Observe & Record
Watch your child for 3-5 days. Write a list of all the things he or she wants over the course of each day and how he or she gets access to those items. At the end of the 3-5 days, look at the list and pick the items or actions that are most frequent and most motivating for your child. Also, choose items that he or she does not have an appropriate way to ask for those items or actions yet.
Here is a data sheet you can use –> Observe & Record Mands
Target specific actions and items. Do not target words like yes, no, please, thank you, more, again, break at first. Target words like carrot, ball, iPad, cookie, spinner, jump, bounce, swing, etc. It is ideal to teach your child many specific words at first so that as soon as he or she talks, you can reinforce with an item or action, specific to what they mean. If your child says “more” out of the blue and you do not know what he or she is talking about, you would not be able to reinforce that spontaneous communication! We want to teach our children to say exactly what they mean.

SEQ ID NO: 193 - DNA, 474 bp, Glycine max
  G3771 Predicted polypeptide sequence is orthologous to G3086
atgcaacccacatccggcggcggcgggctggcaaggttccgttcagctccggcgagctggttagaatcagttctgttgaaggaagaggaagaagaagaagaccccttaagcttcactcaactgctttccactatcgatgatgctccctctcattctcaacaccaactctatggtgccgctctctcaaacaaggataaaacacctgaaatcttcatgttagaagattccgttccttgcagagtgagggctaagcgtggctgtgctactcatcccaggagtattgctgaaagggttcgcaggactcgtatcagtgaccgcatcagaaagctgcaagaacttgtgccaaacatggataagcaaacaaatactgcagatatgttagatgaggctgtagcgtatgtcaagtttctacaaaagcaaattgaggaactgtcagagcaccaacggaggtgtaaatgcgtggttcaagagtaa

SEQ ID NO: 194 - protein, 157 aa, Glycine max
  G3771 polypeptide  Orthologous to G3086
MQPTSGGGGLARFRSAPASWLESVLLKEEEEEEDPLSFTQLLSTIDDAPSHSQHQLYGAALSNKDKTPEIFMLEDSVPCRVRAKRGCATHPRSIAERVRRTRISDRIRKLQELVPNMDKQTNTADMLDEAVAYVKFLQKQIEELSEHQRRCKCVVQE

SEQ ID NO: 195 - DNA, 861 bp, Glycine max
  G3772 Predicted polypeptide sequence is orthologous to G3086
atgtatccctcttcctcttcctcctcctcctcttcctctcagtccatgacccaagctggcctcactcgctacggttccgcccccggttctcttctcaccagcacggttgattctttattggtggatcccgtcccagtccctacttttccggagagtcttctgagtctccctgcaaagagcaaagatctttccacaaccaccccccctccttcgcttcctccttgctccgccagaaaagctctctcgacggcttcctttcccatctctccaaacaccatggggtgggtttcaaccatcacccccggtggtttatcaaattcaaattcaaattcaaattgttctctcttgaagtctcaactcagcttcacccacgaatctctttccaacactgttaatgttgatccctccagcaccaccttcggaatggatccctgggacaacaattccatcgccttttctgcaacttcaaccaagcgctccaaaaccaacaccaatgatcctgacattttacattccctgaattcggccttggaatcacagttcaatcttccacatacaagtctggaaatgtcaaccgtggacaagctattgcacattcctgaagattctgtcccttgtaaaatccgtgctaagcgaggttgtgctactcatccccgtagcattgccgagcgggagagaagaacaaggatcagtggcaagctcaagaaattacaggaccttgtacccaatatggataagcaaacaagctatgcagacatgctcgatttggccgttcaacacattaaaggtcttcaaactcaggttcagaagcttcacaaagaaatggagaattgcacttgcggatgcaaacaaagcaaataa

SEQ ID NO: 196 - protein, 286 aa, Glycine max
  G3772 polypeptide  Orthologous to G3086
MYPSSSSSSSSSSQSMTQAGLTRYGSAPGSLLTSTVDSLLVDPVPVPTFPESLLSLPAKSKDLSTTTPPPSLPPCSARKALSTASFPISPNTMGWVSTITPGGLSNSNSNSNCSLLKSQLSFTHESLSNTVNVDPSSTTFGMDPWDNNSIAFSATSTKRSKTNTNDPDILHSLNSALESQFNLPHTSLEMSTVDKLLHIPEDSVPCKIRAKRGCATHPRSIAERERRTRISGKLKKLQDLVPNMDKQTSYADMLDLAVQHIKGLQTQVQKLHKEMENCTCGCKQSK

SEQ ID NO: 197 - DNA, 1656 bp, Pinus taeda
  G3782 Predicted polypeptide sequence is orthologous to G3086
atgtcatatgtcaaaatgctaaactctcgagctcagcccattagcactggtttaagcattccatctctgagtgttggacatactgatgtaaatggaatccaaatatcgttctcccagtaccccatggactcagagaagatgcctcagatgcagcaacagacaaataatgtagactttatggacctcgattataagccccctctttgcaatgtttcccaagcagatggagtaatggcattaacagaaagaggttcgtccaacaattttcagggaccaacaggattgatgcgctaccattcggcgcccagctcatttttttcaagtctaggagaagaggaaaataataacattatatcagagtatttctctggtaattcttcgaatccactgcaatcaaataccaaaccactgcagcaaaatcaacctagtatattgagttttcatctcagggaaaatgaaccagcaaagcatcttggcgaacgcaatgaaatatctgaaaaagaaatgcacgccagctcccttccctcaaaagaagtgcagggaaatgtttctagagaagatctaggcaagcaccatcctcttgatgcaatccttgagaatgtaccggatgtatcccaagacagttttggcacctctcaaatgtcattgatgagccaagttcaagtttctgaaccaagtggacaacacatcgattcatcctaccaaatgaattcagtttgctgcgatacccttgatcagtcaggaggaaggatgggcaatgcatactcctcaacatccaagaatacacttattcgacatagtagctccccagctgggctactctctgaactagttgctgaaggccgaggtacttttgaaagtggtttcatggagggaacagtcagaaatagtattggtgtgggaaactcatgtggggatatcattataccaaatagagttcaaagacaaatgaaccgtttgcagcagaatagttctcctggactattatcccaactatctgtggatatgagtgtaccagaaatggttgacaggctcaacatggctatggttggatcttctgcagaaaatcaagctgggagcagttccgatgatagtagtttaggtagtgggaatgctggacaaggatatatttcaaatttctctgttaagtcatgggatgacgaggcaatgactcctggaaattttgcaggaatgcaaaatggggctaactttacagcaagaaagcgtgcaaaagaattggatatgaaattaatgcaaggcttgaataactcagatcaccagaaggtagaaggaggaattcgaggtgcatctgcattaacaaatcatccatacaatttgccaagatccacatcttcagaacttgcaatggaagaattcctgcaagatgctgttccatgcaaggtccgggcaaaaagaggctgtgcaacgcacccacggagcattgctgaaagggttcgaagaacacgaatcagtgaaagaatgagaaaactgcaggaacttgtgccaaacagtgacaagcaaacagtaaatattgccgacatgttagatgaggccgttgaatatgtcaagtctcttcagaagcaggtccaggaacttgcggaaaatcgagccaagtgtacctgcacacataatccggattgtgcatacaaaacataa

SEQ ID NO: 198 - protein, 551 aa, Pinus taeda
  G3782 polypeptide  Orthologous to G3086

Here is a link to another resource explaining why not to target “more” initially when a child is first learning to mand.
Variety of Categories
Pick items from a variety of categories. For example, do not target only food items or only toys you play with in the water. Also, when initially targeting foods, try to target foods that taste very different. For example, target cookie (sweet) and cracker (salty) rather than cracker (salty) and pretzel (salty).
Appropriate Level of Difficulty
If your child does not have at least 50 single items and 25-50 single actions mastered in the mand operant, you should be targeting single words. Do not target more than one word at a time until the pre-requisite skills are met. Also, it is not recommended to target carrier phrases “I want …” when your child does not have a sufficient verbal repertoire of single words.
Here is a link to a great workshop by Dr. Vincent Carbone, talking about increasing length of utterance in children with autism.